A view of one of the forest corridors (Photo: IPE)
Since 2014, a total of 862 hectares - 1034 football fields - has been restored using a large variety of species and different restoration methods. To date, over 125 different tree species, including 100 native ones, are transforming these landscapes through ANR (Assisted Natural Regeneration), which accelerates the natural recovery of degraded forest areas through the protection and maintenance of young trees that sprout after disturbances such as fire or cattle grazing. Another technique is framework planting, which is used to recover highly degraded areas where natural regeneration is limited. A high-density planting of around 100 different species are chosen for characteristics such as fast growth, or because they are a food source for wildlife.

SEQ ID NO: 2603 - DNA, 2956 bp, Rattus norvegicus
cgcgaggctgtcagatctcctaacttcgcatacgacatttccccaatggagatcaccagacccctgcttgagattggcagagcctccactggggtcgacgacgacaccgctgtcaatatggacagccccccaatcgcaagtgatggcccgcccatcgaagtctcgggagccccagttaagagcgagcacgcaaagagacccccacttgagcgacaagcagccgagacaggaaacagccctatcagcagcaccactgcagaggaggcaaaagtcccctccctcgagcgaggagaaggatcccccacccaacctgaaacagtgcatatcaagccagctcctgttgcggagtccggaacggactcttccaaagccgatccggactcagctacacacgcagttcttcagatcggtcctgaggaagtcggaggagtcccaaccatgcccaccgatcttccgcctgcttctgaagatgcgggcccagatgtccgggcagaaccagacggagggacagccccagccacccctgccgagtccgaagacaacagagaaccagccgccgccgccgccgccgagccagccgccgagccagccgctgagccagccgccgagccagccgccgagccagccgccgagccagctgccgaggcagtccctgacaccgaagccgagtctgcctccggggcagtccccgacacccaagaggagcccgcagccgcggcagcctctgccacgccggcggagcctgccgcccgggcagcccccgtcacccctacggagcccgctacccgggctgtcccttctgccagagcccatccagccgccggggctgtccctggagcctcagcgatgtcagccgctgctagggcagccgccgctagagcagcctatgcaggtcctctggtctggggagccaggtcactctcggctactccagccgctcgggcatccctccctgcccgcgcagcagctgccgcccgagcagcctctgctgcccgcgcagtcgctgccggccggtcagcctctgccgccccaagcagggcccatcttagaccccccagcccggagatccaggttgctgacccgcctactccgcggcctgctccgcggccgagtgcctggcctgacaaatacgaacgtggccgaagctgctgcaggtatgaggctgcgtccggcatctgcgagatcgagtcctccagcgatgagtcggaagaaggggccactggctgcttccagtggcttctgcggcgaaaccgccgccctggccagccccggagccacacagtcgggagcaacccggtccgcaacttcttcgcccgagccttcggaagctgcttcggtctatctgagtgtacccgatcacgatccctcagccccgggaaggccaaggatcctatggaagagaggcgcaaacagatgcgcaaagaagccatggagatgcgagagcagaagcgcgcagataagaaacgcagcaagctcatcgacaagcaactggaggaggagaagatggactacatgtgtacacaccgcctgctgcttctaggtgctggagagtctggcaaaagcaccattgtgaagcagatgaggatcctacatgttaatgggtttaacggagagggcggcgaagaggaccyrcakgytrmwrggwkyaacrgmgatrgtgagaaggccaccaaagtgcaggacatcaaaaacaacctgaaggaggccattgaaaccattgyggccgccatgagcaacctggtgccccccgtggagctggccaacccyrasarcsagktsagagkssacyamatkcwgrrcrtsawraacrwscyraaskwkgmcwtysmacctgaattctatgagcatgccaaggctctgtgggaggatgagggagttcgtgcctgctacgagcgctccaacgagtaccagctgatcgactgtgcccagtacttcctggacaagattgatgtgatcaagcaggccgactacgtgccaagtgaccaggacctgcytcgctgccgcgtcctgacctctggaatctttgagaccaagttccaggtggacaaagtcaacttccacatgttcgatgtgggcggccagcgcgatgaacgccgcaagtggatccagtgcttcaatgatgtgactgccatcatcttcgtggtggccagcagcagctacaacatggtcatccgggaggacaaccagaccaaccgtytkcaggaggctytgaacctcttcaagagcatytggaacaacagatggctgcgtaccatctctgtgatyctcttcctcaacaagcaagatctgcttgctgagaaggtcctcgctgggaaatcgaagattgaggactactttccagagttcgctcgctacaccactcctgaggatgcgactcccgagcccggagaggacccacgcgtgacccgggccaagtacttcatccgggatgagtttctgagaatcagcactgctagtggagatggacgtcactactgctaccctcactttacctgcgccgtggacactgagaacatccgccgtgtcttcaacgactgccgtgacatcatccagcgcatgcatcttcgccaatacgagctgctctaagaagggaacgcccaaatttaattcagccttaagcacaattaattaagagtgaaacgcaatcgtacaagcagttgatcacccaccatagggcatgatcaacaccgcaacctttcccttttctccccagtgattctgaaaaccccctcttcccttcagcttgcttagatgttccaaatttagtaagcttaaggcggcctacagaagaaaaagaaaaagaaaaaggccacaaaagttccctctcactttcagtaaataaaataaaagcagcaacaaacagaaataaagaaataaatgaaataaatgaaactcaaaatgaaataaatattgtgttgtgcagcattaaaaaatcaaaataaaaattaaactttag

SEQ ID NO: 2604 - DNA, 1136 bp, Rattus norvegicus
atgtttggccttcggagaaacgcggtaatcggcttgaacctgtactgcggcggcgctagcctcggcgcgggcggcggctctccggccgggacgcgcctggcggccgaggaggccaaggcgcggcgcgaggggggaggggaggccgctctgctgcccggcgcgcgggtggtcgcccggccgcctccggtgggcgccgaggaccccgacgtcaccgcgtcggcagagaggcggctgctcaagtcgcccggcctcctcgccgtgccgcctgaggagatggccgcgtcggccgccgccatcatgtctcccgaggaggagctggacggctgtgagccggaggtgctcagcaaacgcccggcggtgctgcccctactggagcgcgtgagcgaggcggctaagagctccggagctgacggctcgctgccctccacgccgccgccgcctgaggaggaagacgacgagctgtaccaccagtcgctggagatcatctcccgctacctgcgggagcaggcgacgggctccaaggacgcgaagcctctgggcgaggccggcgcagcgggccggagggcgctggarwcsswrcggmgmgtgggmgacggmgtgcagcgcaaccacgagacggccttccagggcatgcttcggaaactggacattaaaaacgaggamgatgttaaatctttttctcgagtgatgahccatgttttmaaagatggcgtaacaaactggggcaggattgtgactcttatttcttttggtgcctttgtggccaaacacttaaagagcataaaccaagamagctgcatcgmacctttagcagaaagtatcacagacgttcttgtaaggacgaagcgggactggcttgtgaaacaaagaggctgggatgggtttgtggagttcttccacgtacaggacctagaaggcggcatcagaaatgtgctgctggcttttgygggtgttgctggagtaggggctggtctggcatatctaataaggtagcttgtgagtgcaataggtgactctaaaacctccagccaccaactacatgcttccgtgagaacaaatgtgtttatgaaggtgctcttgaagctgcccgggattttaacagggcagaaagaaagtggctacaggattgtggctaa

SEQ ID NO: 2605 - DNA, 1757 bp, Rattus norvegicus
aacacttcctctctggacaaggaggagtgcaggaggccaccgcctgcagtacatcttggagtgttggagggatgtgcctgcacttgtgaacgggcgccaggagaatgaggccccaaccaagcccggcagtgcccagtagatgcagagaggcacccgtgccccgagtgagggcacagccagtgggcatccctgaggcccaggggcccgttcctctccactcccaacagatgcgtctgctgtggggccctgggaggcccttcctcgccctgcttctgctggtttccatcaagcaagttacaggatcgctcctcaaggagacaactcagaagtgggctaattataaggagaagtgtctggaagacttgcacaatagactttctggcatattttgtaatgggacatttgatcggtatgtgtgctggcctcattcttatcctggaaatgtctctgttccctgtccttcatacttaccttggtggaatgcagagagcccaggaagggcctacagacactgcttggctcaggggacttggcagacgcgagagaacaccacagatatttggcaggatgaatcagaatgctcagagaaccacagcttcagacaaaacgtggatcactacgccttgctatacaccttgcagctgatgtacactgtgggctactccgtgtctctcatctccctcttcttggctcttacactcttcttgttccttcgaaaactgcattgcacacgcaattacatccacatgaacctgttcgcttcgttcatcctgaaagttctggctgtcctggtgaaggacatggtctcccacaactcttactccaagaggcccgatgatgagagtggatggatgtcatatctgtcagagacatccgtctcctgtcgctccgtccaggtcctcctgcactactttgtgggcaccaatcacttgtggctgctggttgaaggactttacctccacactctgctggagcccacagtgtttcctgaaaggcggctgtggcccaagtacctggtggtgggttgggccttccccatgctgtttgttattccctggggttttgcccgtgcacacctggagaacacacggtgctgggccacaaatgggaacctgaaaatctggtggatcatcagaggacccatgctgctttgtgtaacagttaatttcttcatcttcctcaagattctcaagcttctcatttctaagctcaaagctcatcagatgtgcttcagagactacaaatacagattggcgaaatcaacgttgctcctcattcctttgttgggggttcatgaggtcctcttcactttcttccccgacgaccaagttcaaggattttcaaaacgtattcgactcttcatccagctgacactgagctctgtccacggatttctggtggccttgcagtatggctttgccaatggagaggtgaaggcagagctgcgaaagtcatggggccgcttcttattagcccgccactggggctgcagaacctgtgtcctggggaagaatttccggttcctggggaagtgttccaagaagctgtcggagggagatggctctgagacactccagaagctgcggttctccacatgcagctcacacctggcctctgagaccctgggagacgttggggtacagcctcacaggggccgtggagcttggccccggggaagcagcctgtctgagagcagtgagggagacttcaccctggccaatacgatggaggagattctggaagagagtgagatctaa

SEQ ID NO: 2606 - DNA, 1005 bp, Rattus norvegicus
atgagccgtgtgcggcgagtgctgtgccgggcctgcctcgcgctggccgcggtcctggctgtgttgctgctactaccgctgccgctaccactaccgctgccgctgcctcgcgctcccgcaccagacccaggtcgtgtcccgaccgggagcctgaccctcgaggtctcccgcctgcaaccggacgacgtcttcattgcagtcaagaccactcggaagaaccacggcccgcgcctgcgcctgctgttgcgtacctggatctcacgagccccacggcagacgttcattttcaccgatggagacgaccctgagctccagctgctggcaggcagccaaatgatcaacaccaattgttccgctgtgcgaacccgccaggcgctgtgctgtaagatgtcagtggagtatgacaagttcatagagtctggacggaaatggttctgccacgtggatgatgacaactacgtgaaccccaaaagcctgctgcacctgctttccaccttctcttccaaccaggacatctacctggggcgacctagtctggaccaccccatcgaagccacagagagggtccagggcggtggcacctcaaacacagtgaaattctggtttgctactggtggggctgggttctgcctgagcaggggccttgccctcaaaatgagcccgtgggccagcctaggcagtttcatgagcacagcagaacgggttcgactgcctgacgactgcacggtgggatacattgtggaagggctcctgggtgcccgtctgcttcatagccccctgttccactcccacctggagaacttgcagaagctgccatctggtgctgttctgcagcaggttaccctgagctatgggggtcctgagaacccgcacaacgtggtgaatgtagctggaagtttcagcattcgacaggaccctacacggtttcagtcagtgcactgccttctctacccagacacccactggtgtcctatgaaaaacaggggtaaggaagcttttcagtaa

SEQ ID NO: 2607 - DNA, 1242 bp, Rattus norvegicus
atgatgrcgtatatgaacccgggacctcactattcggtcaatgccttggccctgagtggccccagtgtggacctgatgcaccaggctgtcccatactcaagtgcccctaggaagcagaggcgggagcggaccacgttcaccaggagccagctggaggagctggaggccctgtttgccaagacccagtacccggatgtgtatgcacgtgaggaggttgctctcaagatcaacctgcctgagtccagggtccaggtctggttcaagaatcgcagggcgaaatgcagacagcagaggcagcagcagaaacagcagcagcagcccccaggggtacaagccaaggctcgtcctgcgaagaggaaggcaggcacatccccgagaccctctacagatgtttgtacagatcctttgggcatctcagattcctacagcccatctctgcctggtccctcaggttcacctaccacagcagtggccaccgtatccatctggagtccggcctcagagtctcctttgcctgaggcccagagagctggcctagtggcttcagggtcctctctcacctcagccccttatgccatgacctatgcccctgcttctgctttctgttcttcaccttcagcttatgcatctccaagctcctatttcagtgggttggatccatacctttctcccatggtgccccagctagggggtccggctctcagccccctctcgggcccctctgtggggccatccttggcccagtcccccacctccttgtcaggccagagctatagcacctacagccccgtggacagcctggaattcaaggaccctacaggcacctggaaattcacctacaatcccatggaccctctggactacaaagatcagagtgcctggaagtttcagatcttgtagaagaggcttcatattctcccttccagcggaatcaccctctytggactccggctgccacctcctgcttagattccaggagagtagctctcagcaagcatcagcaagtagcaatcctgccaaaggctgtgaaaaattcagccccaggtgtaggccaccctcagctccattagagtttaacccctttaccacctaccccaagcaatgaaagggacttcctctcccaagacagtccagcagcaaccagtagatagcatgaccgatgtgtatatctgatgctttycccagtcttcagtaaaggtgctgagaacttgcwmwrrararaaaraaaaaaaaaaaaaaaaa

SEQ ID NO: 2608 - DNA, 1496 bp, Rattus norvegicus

Eight nurseries provide seedlings for the project. They are owned and managed by local communities of settlers and small farmers, and a total of 11 women and 16 men are employed.
A great carbon sink
The total restoration area to date can expect to sequester 273,254t CO2 over 30 years, assuming there’s no disturbance from fires. That’s equivalent to the carbon footprint of more than 1,000 European citizens for each and every one of those 30 years.
Thank you for making this possible!
One of the community nurseries (Photo: IPE)